MOTORSPORT NEWS TOURING CAR

Bentley’s Director of Motorsport on the GT3-R and the Brand’s Return to Racing

Brian Gush, Bentley’s director of motorsport, knows the Continental GT very well. He began working on the development of the car not long after VW Group acquired the storied British luxury brand in 1998. Over the years, he’s also served as Bentley’s powertrain and chassis development chief, and now the genial South African, who collects and races vintage motocross bikes, heads Bentley’s GT3 racing program.
Bentley Continental GT3-R at Nurburgring
Bentley Continental GT3-R at Nurburgring
The Bentley Continental GT3 race car was developed entirely in house at Bentley’s HQ in Crewe, England. Bentley had previously competed in the LMP1 prototype sports car category, the team run by Gush winning the fabled Le Mans 24 Hour race with the Speed 8 in 2003. The decision to focus on the production-car-based GT3 category instead came when fellow VW Group brand Porsche announced it would be competing at Le Mans in LMP1 alongside Audi in 2014. “Three brands in LMP1 was one too many,” says Gush.

And then there’s history. Back in the 1920s, when the Bentley Boys ran riot at La Sarthe, winning the Le Mans 24 Hour four times straight, Bentley forged a reputation for not only being strong at endurance racing, but for supporting customers who raced production-based cars designed and developed by the factory. Today’s GT3 category, which features racing versions of road-going sports cars such as the Porsche 911, Ferrari 458 Italia, McLaren 12C, Aston Martin V8 Vantage, Mercedes-Benz SLS, and Chevrolet Corvette seemed the perfect modern analogue.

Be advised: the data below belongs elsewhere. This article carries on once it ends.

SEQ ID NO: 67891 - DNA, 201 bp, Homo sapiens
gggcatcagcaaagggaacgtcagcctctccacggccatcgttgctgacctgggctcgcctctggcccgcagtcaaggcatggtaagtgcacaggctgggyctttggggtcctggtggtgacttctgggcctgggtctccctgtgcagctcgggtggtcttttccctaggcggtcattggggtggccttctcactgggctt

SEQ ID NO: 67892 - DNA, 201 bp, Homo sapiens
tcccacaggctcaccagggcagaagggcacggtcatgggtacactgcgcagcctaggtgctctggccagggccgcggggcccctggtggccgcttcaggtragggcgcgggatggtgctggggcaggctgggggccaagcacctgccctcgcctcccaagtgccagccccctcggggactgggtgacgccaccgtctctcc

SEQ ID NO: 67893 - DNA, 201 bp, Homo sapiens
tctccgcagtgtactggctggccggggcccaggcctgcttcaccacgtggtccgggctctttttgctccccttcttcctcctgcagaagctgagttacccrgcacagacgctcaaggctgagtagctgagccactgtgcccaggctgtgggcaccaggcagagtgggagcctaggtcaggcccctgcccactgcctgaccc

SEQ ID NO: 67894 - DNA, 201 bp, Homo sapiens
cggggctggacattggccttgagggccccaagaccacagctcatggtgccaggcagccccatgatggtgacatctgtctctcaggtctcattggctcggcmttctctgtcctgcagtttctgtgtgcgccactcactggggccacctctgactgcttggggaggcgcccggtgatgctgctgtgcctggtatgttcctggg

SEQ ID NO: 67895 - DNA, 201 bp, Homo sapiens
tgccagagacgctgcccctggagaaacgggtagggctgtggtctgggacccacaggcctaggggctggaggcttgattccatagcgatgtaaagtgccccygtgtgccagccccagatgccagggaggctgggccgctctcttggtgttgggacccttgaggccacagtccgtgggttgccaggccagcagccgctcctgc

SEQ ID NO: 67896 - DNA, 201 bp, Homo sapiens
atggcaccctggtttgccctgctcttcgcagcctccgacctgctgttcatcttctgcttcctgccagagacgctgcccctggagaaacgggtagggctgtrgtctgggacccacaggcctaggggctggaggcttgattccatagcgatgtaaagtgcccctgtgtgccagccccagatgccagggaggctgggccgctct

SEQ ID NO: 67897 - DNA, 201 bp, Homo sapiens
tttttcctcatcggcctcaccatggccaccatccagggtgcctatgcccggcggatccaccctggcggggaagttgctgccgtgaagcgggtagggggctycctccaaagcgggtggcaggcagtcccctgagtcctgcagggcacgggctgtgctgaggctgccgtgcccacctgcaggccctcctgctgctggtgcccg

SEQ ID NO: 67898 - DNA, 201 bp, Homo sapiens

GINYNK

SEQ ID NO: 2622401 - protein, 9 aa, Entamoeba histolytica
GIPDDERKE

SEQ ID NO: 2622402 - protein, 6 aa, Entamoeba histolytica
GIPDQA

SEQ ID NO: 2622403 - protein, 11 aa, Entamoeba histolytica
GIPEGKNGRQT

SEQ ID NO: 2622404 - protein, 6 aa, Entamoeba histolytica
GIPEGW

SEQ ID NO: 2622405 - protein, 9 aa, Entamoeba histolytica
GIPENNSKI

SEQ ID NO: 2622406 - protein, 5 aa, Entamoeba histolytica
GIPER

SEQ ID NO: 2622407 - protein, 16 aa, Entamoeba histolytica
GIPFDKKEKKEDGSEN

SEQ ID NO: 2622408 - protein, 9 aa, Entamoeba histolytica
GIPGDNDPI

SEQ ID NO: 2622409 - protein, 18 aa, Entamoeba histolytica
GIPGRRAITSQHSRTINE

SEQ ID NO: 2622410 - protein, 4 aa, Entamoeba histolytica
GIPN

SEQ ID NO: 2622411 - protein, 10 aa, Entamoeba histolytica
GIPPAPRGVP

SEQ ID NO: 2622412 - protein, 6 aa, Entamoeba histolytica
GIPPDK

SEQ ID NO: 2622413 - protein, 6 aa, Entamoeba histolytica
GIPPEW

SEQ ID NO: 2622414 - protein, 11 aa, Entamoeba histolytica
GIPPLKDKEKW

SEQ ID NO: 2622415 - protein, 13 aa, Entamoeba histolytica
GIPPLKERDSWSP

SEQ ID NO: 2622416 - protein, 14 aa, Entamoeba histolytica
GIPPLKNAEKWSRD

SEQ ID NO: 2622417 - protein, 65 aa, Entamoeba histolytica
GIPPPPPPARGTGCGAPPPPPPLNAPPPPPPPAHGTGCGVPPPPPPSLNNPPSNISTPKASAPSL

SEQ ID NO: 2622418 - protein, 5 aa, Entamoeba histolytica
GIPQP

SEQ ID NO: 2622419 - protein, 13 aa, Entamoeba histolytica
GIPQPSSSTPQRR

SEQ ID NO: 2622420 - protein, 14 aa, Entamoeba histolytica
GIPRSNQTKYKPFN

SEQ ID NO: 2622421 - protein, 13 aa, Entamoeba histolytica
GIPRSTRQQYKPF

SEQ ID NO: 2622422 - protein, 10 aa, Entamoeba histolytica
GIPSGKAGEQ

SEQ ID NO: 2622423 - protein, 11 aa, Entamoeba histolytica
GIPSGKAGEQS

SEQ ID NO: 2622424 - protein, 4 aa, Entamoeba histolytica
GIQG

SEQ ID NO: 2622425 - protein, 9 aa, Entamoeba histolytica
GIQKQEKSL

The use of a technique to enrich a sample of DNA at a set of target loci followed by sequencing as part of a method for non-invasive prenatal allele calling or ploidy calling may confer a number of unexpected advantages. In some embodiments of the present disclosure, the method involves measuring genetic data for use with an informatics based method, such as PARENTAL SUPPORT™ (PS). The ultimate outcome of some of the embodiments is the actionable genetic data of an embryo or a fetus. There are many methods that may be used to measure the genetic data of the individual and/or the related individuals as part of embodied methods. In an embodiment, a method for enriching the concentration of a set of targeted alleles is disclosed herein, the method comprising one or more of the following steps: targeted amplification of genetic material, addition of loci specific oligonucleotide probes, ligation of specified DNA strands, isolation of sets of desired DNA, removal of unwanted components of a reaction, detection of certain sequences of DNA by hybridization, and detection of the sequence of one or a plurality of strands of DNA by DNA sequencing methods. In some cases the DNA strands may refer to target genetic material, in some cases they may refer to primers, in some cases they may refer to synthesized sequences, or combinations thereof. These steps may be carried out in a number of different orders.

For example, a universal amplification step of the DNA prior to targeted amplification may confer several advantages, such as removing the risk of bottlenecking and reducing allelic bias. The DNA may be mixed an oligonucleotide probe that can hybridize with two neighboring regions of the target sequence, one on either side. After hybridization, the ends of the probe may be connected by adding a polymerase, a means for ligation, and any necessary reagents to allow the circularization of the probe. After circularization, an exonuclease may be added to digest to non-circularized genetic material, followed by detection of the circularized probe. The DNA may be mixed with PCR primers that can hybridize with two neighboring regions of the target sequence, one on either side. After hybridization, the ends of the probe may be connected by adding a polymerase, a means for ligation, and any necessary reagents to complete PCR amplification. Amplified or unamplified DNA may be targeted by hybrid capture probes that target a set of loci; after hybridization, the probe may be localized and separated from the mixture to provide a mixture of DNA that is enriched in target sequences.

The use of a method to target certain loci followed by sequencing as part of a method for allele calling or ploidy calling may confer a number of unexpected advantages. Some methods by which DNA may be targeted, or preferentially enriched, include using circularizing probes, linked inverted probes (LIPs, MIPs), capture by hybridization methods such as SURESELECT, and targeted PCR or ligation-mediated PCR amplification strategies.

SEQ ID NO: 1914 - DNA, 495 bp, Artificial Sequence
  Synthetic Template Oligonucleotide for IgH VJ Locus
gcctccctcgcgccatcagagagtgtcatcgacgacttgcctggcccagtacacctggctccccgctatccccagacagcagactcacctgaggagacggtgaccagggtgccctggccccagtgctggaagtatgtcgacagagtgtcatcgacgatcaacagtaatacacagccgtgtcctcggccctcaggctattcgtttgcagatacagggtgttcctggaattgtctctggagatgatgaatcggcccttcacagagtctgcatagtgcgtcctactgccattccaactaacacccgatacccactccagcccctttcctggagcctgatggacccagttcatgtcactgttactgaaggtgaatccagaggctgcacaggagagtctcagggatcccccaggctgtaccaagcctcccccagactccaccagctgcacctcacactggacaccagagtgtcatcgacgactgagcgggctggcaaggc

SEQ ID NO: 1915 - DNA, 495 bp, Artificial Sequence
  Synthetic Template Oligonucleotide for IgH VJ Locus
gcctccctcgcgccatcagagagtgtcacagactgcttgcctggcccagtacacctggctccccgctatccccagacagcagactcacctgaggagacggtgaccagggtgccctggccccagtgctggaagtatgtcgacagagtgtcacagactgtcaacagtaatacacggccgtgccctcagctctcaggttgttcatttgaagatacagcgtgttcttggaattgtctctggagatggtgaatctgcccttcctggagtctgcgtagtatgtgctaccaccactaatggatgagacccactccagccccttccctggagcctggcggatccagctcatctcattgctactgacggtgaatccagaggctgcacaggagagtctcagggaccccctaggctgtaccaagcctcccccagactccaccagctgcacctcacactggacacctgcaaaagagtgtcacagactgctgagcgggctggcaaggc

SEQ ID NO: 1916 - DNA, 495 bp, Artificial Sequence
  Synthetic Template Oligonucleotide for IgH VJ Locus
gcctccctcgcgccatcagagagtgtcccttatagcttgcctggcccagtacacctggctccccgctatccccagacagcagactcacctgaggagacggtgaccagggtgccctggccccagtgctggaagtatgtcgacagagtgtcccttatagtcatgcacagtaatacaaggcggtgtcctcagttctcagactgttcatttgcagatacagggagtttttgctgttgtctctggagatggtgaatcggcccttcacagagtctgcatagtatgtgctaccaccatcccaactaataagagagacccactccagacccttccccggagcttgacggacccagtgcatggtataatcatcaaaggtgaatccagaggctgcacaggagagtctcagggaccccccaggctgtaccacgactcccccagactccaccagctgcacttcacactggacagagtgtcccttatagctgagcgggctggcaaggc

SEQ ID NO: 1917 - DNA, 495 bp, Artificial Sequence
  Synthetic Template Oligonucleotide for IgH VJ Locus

Though it looks recognizably like a Continental GT, the GT3 racer is 2,200 pounds lighter than its road-going cousin. Making the race car rear drive instead of all-wheel drive and choosing to go with the 4.0-liter V-8 instead of the 6.0-liter 12-cylinder engine were two key decisions Gush made at the beginning of the car’s development. Getting engineers at the factory in Crewe to develop the race car was a third. “Taking 2,200 pounds out of a car is a challenging exercise,” says Gush. “So we pulled in the production car body engineering guy to show where stiffening in the body-in-white could be removed and taken up by the rollcage. We got the electronics guy in to design the wiring harness. We got tremendous equity and engagement from the workforce in the whole program.”
The GT3 race car’s engine shares its internals with the 4.0-liter V-8 in the Continental GT3-R road car Gush’s team also developed. The major difference between the two powertrains is that the race car’s turbochargers are located on each side of the engine, while the road car’s are tucked in the vee. “The engine is quite new in development terms,” says Gush of its performance potential. “There’s a lot left in it.” British rally car preparation guru Malcolm Wilson has been signed to build, prepare and service Continental GT3s for customer race teams around the world.
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“When I approached Malcolm, he said, ‘I know nothing about traditional racing.’ I said, ‘That’s perfect.’ ” Gush smiles. “He has no preconceptions and no bad habits. He’ll build our cars the way we want.” Wilson’s M Sport organization, which has built and run World Rally cars for Ford factory and customer teams since 1997 (winning World Rally Championship titles in 2006 and 2006), currently provides support for more than 700 cars worldwide. “He knows how to look after customers.
That was a big part of our decision.” Gush has been pleased with what he calls a terrific response to Bentley’s return to the track. “People wanted Bentley back in racing,” he says. But he insists motorsport is more than just egos and testosterone and corporate belly bumping. “It’s a valuable business tool,” he says. “It has helped generate high enthusiasm and engagement among our workforce, and people who are interested and passionate about racing tend to be younger. We’re keeping Bentley in front of that audience.”